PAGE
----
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"Moment of truth": Ted Cruz and Beto O'Rourke face off in tight Texas race

Cruz & O'Rourke face off in tight Texas race
Ted Cruz and Beto O'Rourke face off in tight Texas race 05:11

The conservative state of Texas is becoming a major focal point ahead of next month's midterm elections. Incumbent Republican Sen. Ted Cruz won his seat by almost 16 percentage points in 2012, but recent polls show a rising Democratic star, Congressman Beto O'Rourke, is within single digits. Despite the state's changing demographics, O'Rourke will need strong support from Latinos and young voters to beat Cruz.

For Cruz, winning re-election in the deeply-red state of Texas should be easy. But Cruz now finds himself in a tight race against O'Rourke, who's trying to turn the state blue for the first time since 1994. 

"I think at this moment, it's not about Democrats or Republicans or party politics or the differences that have always seemed define us. It's about this country coming together around the things that we care most about at this moment of truth," O'Rourke told "CBS This Morning" co-host Bianna Golodryga. "We're either going to be a country of walls, Muslim bans, and the press as the enemy of the people, or instead we'll be defined by our ambitions."

Asked why the race is as close as it is, Cruz said, "At the end of the day, we're going to win this race. The reason that we have a competitive race is it is clear that the hard left, the extreme left in this country, that they're angry… Many of them are filled with hatred for President Trump and it colors everything else." 

Sen. Ted Cruz: Kavanaugh "absolutely" has temperament for Supreme Court 02:09

The two couldn't be further apart on key issues. O'Rourke is trying to sell a progressive agenda, including stricter gun restrictions, universal health care, and abortion rights. Cruz said he's more aligned with Texans on multiple fronts, including border security and strong Second Amendment protections.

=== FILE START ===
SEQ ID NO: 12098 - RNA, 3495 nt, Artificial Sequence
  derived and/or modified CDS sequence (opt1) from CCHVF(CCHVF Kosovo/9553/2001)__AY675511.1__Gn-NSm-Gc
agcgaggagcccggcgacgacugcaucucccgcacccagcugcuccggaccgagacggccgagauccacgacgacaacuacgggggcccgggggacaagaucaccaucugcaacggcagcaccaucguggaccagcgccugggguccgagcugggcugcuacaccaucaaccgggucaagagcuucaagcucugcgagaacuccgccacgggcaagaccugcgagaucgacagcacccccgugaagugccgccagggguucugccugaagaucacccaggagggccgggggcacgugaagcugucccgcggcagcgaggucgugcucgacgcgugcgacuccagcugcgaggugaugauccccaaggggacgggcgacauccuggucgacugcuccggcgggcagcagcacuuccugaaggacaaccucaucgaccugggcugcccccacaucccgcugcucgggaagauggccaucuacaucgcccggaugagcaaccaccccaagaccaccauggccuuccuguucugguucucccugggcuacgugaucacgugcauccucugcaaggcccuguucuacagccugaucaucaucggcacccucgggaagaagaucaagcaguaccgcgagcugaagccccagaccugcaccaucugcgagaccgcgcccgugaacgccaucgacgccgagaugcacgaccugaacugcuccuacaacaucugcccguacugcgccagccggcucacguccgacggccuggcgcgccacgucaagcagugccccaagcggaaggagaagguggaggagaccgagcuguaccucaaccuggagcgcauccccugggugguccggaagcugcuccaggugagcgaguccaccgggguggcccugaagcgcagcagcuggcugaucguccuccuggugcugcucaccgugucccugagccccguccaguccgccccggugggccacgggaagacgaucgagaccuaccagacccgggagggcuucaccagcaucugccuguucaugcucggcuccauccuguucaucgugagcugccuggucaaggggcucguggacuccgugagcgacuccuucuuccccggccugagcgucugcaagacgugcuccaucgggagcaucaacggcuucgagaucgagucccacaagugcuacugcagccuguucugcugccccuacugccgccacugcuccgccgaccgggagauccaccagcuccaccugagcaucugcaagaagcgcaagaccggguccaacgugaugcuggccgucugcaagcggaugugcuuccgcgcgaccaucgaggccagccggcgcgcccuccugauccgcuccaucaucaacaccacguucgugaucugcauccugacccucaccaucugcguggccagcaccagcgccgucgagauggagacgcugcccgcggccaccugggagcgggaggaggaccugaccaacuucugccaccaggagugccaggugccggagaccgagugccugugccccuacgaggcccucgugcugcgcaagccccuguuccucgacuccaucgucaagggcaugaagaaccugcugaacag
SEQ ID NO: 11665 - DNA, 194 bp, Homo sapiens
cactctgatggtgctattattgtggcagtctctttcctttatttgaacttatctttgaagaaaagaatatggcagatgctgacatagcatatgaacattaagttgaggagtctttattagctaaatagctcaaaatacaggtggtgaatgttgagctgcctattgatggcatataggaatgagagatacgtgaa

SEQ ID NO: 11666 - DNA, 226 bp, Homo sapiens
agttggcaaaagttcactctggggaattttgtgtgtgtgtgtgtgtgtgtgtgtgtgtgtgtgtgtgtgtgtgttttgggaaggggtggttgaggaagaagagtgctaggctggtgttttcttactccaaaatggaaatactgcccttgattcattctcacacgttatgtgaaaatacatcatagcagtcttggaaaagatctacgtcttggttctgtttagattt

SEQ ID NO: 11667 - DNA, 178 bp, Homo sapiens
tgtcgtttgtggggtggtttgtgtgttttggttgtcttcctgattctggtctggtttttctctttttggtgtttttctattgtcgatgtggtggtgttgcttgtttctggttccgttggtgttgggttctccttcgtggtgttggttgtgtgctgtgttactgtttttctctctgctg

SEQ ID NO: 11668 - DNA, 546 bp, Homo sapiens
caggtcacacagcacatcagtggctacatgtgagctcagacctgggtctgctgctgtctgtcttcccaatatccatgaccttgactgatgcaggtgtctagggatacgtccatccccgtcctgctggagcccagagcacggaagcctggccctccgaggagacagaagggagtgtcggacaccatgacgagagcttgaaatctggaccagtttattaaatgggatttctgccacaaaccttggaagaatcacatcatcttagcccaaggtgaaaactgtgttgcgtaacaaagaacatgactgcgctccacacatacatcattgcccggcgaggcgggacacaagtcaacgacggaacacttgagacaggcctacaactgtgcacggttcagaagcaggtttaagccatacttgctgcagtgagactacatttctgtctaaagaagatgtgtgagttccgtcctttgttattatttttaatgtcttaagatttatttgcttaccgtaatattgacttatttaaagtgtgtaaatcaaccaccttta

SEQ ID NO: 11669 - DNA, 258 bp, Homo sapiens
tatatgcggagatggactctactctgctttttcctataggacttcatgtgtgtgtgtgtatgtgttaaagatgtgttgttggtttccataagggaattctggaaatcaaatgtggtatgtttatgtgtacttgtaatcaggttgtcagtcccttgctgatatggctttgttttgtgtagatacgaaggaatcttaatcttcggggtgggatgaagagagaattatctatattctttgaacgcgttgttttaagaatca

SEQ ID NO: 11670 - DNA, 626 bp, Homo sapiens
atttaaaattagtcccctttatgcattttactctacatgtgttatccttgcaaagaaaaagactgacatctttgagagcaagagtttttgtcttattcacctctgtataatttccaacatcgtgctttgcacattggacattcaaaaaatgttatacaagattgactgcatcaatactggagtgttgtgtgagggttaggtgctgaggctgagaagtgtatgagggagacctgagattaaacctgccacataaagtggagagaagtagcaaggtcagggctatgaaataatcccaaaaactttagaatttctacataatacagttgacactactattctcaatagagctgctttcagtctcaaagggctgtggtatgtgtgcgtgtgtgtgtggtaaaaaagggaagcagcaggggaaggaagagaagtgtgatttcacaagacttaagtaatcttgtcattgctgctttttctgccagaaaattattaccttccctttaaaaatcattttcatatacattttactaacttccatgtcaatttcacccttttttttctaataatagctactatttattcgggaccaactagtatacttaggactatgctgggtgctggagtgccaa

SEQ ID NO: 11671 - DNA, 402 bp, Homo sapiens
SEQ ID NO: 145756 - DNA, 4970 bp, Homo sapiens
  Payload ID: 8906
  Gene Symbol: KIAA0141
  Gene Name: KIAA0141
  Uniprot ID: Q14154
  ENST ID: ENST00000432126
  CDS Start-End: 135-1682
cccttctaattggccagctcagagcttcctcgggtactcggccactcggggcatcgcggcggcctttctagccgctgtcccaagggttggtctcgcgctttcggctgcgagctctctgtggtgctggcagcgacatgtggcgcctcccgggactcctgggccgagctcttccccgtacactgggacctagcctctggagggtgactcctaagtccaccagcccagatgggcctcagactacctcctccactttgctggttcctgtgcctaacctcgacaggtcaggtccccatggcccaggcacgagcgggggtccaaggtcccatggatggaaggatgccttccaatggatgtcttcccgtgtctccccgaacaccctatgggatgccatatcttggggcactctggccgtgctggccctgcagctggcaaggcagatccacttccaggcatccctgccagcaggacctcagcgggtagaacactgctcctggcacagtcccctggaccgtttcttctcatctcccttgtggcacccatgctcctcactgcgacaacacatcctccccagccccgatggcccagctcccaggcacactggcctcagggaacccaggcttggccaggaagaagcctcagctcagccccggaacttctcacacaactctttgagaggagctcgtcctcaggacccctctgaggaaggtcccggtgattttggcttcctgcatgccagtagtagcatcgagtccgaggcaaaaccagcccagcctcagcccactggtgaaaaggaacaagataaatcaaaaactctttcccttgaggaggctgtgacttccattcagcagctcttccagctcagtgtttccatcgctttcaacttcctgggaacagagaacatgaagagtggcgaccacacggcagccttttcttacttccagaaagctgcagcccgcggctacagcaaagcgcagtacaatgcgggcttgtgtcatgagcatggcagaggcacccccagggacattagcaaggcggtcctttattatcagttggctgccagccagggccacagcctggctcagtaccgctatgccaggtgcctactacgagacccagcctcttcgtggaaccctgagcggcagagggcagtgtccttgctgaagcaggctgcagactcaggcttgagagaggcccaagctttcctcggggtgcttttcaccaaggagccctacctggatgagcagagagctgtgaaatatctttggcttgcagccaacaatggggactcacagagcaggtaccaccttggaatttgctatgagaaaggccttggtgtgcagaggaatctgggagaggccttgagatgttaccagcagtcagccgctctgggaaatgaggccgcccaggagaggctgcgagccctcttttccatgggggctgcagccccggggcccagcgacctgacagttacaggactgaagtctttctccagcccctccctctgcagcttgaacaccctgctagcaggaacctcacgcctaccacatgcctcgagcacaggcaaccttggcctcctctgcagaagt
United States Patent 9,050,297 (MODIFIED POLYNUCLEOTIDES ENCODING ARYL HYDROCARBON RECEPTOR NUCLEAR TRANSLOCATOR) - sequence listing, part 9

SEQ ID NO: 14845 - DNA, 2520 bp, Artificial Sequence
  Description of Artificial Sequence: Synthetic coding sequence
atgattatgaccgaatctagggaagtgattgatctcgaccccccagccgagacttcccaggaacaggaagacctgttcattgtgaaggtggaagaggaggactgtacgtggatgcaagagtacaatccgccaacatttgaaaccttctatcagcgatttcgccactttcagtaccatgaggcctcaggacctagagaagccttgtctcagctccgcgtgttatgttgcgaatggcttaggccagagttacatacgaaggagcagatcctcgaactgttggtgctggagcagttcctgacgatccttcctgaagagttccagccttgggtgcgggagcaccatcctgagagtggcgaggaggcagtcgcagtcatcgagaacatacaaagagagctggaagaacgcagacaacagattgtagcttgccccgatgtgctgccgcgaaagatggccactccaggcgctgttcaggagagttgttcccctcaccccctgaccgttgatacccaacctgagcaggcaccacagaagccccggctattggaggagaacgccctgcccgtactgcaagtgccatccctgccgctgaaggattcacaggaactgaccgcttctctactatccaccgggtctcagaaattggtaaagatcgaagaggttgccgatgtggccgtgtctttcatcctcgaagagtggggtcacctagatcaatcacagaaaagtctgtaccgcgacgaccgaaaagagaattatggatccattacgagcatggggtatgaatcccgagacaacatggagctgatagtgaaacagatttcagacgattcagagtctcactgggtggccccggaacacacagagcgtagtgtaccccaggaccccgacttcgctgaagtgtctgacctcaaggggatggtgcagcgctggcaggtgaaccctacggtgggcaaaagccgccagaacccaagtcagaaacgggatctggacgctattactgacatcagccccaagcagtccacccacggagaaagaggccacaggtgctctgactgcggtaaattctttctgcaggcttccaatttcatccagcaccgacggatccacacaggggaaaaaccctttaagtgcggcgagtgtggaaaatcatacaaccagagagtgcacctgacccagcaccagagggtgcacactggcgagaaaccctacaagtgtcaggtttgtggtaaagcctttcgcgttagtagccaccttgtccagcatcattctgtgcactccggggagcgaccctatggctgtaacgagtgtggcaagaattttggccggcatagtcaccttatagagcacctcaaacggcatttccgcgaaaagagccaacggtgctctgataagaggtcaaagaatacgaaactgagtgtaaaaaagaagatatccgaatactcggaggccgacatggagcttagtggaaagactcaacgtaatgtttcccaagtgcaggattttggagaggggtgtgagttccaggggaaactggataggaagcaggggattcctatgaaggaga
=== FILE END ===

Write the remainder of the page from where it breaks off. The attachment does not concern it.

"Texans want lower taxes, we want lower regulations, we want more jobs, higher wages and more opportunity," Cruz said. "We want to secure the border… Those are the common-sense values that bring Texas together."

"Whether it's freeing 'Dreamers' from any fear of deportation by making them U.S. citizens, or bringing Republicans and Democrats together to ensure that our immigration laws reflect our values and are written in our own image, those are things that Texans of all walks of life and background want us to lead on – want us to work together on," O'Rourke said.

Before running for Senate, O'Rourke was a punk rock bassist who ran a software company before being elected to three terms in Congress representing El Paso. His profile spiked last year when he live streamed an impromptu cross-country road trip-turned-townhall with Republican colleague Will Hurd.
His campaign has broken all conventional rules.
"Not only have we been to every one of the 254 counties of Texas, we've accepted no help from political action committees, special interests or corporations – all people all the time," O'Rourke said.

Cruz is a conservative icon. The married father of two was the star of the failed 2013 government shutdown on Obamacare and the Republican that came closest to beating President Trump in the 2016 primaries. It was a fight that turned personal, with Mr. Trump calling him "lying Ted Cruz."
"A lot of people wonder, 'Why doesn't that seem to bother you more than it would anybody else?'" Golodryga asked.

"You know, I will say the media sadly is obsessed with personality, is obsessed with 'Trump derangement center.' Listen, we had a vigorous primary," Cruz said.

"You told people to vote their conscience," Golodryga said.

"It was hard fought, but it's over. And when the president was elected, I made a choice," Cruz said. "I made a choice for the people of Texas. I can either choose to have hurt feelings and say, 'Alright, it's all about me and I'm going to be selfish and I'm going to take my marbles and go home.' Or I can choose to do my job which is represent 28 million Texans and work with the president, work cooperatively to get real solutions for real problems."

O'Rourke said he, too, would "absolutely" work with the president if elected senator.  

"I'll find every possible way to work with anyone, including President Trump, as we have done in the past to advance this country's agenda and to do better for the people that I serve," O'Rourke said. 

Cruz also weighed in on Supreme Court nominee Brett Kavanaugh and questions raised about his temperament after his fiery testimony before the Senate Judiciary Committee. He said Kavanaugh "absolutely" has the temperament to be a Supreme Court Justice.  

"That has been demonstrated because for over a decade, he has been one of the most respected federal appellate judges in the country," Cruz said. 

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